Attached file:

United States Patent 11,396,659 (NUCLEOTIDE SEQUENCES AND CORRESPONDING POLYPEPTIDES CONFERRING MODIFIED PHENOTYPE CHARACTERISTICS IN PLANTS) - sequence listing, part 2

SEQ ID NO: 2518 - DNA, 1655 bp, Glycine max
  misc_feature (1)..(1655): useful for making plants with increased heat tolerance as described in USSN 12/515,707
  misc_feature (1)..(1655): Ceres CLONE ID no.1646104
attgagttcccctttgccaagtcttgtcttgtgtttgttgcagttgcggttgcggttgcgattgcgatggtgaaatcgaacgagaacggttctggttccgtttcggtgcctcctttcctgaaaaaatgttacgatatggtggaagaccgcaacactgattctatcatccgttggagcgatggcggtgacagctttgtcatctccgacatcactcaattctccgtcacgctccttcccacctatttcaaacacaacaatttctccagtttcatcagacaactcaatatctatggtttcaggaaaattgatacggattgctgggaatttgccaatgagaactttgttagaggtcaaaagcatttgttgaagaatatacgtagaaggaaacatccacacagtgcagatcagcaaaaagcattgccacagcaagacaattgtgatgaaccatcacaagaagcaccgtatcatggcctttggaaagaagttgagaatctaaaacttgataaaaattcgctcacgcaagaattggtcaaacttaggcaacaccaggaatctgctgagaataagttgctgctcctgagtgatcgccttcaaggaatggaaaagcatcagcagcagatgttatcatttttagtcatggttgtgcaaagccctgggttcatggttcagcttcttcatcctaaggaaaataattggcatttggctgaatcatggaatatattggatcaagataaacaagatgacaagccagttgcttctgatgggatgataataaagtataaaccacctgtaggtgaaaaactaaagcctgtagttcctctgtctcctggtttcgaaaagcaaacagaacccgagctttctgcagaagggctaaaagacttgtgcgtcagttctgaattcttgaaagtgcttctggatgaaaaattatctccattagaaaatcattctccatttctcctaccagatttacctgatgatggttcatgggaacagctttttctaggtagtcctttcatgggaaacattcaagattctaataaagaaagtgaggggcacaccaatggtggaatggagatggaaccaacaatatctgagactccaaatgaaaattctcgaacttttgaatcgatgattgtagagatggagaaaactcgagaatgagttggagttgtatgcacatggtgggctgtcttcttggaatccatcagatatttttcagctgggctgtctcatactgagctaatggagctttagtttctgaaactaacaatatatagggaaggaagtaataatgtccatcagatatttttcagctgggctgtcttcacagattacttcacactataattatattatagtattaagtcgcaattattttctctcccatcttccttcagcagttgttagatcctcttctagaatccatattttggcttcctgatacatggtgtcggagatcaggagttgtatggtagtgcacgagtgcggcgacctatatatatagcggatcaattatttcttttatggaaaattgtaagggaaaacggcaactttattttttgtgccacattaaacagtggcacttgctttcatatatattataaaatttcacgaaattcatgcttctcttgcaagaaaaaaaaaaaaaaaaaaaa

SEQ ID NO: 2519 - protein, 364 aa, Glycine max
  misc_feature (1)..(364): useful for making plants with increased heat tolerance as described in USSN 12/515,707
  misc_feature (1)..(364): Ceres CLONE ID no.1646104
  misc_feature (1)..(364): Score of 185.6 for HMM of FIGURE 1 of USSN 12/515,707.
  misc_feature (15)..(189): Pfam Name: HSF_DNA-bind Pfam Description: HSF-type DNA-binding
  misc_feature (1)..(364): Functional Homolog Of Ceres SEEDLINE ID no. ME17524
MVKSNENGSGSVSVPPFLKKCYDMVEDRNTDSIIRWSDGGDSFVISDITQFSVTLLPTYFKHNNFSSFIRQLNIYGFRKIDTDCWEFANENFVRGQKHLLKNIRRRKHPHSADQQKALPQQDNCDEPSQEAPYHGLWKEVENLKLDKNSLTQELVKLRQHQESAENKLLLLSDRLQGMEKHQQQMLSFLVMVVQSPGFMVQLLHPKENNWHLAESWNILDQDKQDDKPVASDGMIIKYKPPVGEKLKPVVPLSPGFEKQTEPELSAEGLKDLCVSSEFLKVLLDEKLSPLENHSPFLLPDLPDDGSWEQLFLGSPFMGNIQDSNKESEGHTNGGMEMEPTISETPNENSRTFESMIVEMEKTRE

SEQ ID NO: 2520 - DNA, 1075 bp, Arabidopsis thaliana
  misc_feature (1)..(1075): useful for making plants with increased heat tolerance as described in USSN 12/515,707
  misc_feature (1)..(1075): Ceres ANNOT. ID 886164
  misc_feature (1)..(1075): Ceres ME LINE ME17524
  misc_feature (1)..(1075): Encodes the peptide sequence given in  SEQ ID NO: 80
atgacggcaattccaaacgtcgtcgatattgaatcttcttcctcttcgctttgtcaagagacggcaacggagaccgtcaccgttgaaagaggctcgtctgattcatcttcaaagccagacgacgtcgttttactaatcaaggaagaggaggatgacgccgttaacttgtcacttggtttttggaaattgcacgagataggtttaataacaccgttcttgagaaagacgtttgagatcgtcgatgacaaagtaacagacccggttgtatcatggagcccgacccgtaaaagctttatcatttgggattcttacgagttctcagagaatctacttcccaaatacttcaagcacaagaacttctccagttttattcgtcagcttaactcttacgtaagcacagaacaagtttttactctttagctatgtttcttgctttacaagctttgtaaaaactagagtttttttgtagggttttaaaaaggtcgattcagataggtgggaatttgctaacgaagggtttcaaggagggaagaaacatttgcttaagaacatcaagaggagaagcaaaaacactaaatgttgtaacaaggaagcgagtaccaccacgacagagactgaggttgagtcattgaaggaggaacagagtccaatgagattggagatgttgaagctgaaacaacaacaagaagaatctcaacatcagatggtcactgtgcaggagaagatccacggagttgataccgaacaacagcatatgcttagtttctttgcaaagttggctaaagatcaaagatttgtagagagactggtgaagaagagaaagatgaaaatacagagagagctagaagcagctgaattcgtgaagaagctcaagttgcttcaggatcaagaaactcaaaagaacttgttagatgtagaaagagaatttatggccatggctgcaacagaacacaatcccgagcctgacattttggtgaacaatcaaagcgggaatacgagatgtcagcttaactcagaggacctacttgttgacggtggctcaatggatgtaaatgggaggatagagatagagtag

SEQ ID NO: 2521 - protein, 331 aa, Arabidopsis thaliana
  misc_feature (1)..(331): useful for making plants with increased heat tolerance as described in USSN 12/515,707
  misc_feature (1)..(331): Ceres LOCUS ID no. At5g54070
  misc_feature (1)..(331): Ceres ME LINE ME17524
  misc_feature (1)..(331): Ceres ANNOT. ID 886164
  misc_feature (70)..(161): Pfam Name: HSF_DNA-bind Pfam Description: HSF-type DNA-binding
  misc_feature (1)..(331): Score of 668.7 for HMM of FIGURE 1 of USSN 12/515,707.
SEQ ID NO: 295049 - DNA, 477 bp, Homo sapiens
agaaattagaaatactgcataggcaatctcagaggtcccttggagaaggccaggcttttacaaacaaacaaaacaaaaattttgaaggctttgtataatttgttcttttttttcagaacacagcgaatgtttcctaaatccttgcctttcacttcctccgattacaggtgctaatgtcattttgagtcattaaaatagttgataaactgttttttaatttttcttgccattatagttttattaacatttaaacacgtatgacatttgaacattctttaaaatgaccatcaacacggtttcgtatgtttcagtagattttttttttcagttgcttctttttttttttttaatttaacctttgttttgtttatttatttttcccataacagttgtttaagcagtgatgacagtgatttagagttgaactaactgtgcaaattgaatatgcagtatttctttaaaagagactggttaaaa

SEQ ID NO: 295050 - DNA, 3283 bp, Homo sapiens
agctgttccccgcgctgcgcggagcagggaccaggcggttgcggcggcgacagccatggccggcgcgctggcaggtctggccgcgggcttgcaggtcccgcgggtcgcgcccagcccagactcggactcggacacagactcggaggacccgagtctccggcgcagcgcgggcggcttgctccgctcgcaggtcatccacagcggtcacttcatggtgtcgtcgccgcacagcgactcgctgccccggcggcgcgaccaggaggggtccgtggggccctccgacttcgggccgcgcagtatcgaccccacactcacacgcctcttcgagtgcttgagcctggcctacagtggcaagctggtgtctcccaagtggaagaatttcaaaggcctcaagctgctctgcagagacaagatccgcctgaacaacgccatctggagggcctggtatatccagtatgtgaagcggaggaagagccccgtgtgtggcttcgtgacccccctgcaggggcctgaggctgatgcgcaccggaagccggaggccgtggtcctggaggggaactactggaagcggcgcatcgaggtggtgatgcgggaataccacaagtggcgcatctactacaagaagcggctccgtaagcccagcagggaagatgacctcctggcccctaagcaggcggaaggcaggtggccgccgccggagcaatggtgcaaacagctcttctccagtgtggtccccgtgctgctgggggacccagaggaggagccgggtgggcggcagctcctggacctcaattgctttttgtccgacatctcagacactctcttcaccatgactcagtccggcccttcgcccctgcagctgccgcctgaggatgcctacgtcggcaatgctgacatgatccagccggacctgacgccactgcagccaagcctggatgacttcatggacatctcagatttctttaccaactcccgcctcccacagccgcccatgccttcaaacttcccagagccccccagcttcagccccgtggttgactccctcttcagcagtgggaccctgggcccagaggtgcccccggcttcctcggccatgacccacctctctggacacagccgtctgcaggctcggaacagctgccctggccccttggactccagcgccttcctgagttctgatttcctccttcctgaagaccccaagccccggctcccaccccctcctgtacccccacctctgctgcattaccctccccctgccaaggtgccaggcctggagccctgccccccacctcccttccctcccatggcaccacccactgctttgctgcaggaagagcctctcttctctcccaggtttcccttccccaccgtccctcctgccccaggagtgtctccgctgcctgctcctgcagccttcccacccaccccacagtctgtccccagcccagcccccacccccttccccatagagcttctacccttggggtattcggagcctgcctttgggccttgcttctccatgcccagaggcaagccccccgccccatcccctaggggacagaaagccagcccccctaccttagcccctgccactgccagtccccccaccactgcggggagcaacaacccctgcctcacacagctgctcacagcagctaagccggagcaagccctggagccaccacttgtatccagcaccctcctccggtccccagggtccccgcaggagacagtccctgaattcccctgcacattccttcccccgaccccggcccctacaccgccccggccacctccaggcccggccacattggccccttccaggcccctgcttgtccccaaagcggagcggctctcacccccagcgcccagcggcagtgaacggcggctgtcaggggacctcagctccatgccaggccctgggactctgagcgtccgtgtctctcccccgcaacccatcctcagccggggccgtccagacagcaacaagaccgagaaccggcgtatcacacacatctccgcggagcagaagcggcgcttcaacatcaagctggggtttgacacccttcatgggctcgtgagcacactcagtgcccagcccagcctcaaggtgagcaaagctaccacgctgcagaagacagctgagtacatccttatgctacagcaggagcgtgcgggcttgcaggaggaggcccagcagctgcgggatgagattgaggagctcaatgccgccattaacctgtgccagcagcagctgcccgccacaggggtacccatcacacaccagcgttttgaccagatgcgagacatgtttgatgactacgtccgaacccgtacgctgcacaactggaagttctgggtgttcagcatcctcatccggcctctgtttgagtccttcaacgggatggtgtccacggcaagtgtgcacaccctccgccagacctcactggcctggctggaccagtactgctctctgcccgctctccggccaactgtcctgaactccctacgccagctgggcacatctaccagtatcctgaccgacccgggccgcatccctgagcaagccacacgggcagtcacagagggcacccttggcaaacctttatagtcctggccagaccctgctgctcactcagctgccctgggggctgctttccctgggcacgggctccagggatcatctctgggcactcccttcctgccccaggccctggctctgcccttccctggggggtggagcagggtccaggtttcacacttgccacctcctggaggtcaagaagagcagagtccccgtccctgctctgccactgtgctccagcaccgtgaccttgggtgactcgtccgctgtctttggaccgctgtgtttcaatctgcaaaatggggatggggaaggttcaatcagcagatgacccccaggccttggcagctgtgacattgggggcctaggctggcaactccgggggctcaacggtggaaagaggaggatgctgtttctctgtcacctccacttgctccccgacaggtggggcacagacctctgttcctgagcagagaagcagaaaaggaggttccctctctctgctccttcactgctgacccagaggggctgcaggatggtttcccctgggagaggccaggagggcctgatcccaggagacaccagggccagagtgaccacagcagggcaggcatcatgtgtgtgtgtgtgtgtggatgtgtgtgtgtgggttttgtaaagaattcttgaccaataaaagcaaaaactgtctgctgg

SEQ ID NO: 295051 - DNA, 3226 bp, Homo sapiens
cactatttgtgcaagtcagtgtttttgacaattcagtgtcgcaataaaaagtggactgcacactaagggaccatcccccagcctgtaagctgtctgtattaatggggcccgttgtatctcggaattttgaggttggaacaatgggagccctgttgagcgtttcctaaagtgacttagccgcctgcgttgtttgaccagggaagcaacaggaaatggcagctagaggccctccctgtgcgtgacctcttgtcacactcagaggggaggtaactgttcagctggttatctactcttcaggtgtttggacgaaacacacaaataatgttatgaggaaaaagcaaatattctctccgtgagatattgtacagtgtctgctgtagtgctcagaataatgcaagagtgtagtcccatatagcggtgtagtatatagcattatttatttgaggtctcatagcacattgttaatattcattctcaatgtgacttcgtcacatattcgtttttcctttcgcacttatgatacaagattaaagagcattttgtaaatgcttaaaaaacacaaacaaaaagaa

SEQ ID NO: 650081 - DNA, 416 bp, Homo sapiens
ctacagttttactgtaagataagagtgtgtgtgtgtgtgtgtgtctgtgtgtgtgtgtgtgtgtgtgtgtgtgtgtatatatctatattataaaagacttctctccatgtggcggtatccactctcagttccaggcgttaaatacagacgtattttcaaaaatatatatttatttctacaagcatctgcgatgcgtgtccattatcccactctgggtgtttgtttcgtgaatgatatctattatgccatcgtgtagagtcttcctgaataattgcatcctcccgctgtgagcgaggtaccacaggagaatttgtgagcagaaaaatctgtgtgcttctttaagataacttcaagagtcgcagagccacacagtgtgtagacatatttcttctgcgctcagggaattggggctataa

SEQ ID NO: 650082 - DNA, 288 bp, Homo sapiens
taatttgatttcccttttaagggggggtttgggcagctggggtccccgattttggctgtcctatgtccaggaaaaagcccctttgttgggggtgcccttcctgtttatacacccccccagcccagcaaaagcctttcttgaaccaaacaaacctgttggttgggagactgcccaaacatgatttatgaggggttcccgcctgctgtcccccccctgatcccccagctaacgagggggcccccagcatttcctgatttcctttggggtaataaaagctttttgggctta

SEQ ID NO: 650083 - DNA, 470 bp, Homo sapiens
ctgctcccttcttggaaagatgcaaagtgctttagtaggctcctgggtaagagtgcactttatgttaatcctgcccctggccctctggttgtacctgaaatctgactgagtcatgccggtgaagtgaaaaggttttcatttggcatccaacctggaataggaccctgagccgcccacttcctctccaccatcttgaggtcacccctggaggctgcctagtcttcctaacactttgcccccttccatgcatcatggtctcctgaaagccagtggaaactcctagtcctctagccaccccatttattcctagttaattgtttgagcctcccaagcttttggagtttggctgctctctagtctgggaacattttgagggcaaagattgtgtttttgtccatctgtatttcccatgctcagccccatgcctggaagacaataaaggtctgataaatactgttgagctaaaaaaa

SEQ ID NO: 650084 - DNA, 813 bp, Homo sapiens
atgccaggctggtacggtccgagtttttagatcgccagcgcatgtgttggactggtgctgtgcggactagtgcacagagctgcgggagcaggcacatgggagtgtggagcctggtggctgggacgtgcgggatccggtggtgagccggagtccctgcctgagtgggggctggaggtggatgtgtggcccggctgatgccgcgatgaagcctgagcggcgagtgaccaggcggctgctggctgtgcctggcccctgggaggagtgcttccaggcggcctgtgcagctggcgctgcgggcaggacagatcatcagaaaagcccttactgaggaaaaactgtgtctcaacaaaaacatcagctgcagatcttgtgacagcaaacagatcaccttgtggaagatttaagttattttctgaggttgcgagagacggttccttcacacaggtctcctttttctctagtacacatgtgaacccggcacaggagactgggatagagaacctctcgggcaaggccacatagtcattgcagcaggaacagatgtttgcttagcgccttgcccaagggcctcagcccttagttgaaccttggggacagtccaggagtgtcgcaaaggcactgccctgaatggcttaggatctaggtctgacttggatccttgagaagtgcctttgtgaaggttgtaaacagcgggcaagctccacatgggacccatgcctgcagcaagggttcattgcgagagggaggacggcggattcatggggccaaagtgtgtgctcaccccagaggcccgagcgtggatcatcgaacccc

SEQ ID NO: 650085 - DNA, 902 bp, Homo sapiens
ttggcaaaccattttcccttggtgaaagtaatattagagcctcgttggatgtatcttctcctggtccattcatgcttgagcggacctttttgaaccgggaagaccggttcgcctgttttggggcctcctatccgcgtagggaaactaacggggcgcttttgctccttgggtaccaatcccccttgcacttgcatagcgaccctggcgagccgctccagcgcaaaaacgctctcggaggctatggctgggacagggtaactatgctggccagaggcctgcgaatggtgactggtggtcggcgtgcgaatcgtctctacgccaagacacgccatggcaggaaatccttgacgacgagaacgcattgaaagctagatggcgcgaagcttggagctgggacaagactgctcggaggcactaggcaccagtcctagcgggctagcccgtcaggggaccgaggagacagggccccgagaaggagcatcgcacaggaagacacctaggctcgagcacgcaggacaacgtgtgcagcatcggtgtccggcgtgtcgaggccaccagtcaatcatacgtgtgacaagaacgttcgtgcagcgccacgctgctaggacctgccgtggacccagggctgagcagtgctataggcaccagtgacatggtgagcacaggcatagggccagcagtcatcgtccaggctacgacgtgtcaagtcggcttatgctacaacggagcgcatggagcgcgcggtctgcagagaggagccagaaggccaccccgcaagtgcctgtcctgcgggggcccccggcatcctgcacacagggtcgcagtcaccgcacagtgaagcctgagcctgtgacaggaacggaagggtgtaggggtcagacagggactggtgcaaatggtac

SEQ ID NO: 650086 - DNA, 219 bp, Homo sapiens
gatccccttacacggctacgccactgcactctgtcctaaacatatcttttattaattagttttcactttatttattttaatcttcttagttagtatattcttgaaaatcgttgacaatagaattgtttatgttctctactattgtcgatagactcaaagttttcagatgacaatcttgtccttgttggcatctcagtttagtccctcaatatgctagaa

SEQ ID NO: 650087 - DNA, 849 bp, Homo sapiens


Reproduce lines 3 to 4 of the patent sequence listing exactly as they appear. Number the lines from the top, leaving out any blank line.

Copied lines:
  misc_feature (1)..(1655): useful for making plants with increased heat tolerance as described in USSN 12/515,707
  misc_feature (1)..(1655): Ceres CLONE ID no.1646104